(Adds NAMA and Lloyds decline to comment in 7th paragraph.)
Nov. 24 (Bloomberg) -- Lloyds Banking Group Plc and Ireland’s National Asset Management Agency rejected a 262 million-pound ($407 million) offer from SP Setia Bhd. for senior debt related to the London landmark Battersea Power Station.
Lloyds and NAMA said yesterday that they don’t intend to further consider the offer, according to a statement today by SP Setia. The Kuala Lumpur-based company, Malaysia’s biggest public traded property developer by sales, said it would look for other U.K. investment opportunities.
“Property development prospects in London are positive,” SP Setia said. “The group will continue to look out for and assess other possibilities to invest.”
Irish developers Richard Barrett and John Ronan, whose Jersey-registered Real Estate Opportunities Plc owns the Battersea site, need to raise money to fund the development and meet obligations to the creditors. Real Estate Opportunities plans to build 3,400 homes and 330,000 square meters (3.5 million square feet) of commercial space on the site. The project won government approval in February and construction, expected to last a decade, may begin next year.
Located on the south bank of the Thames River, the coal- fired power station has been featured in art, film and other media, including the album-cover artwork for the 1977 Pink Floyd record “Animals.” The conjoined buildings with four smoke stacks were designed by Giles Gilbert Scott, who also devised London’s iconic red public telephone boxes.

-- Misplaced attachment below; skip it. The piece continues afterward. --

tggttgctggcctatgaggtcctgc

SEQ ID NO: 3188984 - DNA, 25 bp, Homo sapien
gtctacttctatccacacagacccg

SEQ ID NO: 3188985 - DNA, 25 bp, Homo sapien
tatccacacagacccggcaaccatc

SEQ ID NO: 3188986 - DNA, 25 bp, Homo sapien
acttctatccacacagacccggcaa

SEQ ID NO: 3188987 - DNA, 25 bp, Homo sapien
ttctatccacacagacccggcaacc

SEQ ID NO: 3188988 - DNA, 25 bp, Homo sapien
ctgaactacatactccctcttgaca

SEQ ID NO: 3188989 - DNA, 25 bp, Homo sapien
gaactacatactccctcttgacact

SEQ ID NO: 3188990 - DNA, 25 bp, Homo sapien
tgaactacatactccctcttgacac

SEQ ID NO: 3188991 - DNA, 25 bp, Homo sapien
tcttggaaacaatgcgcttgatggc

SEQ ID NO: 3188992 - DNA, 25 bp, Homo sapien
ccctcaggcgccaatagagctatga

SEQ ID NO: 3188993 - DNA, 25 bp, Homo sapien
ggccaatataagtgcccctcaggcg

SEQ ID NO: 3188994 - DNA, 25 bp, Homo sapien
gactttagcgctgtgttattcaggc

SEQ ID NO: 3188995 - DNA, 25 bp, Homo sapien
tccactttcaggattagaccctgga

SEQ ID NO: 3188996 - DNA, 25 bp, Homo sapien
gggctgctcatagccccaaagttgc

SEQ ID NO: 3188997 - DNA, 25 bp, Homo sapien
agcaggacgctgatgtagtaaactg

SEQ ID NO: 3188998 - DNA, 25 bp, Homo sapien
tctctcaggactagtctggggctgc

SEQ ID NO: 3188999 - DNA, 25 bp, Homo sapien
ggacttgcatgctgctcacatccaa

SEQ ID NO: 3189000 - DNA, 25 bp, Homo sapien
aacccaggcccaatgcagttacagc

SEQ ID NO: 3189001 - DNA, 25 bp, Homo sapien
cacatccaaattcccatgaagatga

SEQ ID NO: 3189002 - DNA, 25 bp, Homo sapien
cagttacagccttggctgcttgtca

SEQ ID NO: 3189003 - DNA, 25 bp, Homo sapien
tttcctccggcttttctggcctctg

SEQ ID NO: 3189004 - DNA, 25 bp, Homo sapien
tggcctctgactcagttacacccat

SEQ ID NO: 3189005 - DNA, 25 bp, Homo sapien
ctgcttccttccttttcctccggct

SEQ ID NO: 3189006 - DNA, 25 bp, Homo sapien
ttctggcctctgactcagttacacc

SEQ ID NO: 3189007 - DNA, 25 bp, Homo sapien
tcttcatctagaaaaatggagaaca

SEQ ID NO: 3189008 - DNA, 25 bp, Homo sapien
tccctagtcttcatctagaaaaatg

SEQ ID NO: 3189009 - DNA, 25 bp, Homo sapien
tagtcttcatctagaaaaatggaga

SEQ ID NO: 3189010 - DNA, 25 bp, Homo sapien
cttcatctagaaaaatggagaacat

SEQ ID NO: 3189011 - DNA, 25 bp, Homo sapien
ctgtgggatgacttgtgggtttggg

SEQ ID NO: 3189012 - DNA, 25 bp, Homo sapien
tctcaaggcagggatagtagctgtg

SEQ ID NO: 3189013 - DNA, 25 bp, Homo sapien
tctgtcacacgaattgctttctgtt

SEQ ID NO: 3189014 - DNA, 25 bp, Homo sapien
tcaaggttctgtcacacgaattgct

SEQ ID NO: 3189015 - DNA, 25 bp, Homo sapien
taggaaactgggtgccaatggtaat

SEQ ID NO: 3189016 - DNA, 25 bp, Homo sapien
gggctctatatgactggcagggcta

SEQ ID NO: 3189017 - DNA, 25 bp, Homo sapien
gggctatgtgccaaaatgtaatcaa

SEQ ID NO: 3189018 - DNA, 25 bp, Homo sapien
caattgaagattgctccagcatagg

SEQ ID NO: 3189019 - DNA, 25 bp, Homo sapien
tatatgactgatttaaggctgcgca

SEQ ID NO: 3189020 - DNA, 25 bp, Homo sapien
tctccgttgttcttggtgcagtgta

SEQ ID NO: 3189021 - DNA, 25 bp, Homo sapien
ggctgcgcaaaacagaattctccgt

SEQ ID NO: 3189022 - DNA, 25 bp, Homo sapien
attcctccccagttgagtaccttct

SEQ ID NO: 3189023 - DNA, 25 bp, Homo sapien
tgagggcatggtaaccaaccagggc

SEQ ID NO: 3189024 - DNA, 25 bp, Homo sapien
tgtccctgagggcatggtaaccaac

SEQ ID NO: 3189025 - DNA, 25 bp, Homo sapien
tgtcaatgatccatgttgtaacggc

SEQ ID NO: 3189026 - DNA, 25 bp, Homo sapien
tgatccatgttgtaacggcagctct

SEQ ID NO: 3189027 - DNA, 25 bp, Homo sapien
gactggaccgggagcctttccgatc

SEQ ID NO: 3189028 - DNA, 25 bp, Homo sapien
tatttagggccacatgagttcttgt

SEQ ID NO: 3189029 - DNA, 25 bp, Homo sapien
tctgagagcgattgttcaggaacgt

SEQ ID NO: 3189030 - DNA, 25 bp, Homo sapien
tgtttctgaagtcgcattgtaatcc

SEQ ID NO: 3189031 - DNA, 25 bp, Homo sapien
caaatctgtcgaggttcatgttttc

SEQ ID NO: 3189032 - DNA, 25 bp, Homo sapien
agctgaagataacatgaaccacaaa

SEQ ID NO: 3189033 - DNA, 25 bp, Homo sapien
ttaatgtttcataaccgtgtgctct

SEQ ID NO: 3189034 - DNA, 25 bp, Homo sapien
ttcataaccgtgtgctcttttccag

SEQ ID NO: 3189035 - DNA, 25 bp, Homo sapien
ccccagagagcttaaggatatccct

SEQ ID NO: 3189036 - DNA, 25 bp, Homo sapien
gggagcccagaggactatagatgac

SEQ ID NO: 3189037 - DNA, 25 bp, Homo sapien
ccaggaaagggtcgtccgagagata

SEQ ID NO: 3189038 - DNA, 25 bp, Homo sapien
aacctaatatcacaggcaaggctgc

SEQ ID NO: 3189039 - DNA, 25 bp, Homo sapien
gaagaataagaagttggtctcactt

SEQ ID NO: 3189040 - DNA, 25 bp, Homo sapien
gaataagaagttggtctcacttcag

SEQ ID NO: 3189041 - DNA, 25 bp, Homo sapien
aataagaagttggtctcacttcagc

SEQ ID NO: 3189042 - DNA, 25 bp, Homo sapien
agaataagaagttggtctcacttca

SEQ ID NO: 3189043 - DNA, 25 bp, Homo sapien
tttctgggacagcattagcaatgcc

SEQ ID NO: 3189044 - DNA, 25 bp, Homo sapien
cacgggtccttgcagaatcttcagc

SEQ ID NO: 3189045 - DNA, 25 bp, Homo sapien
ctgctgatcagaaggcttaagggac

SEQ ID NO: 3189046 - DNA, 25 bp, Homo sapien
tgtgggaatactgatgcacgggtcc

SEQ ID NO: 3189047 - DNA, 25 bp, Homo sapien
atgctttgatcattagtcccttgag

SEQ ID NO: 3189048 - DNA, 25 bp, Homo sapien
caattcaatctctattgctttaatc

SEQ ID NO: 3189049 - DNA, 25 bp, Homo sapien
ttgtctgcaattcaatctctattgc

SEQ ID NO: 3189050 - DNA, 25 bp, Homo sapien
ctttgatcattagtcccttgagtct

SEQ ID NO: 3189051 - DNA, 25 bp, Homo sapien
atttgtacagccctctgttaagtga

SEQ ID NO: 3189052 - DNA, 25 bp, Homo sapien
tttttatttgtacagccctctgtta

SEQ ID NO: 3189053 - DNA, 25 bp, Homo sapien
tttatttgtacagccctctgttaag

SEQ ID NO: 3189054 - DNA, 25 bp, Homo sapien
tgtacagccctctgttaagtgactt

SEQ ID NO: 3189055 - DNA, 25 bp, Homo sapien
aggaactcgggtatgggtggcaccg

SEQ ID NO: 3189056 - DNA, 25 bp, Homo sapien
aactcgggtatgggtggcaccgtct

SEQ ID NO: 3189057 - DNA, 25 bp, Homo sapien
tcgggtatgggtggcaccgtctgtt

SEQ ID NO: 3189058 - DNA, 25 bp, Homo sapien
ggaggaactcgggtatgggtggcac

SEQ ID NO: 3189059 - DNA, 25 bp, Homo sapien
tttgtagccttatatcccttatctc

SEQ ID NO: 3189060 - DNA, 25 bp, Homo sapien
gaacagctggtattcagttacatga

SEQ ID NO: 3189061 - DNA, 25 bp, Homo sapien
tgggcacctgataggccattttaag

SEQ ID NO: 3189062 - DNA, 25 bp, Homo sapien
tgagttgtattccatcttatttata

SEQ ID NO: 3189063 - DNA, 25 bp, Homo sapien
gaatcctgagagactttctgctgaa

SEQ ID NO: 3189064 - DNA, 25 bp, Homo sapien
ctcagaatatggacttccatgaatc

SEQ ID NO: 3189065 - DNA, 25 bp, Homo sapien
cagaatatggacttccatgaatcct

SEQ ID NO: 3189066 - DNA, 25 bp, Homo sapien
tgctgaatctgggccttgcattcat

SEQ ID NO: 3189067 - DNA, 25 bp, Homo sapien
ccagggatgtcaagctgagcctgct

Real Estate Opportunities has been seeking a partner to help develop the 38-acre (15 hectare) site, which it bought about five years ago. Negotiations were continuing “with a number of potential global investors expressing strong interest in committing to the project,” the company said in a statement last month.
NAMA spokesman David Clerkin and Lloyds spokesman Emile Abu-Shakra declined to comment.
Europe’s fiscal crisis has roiled credit and equity markets and sparked concern that London’s commercial real estate market may suffer from a second recession in three years. U.K. gross domestic product rose 0.5 percent from the previous quarter, when it increased 0.1 percent, the Office for National Statistics said today in London.
--With assistance from Chris Spillane in London. Editors: Jeff St.Onge, Ross Larsen.
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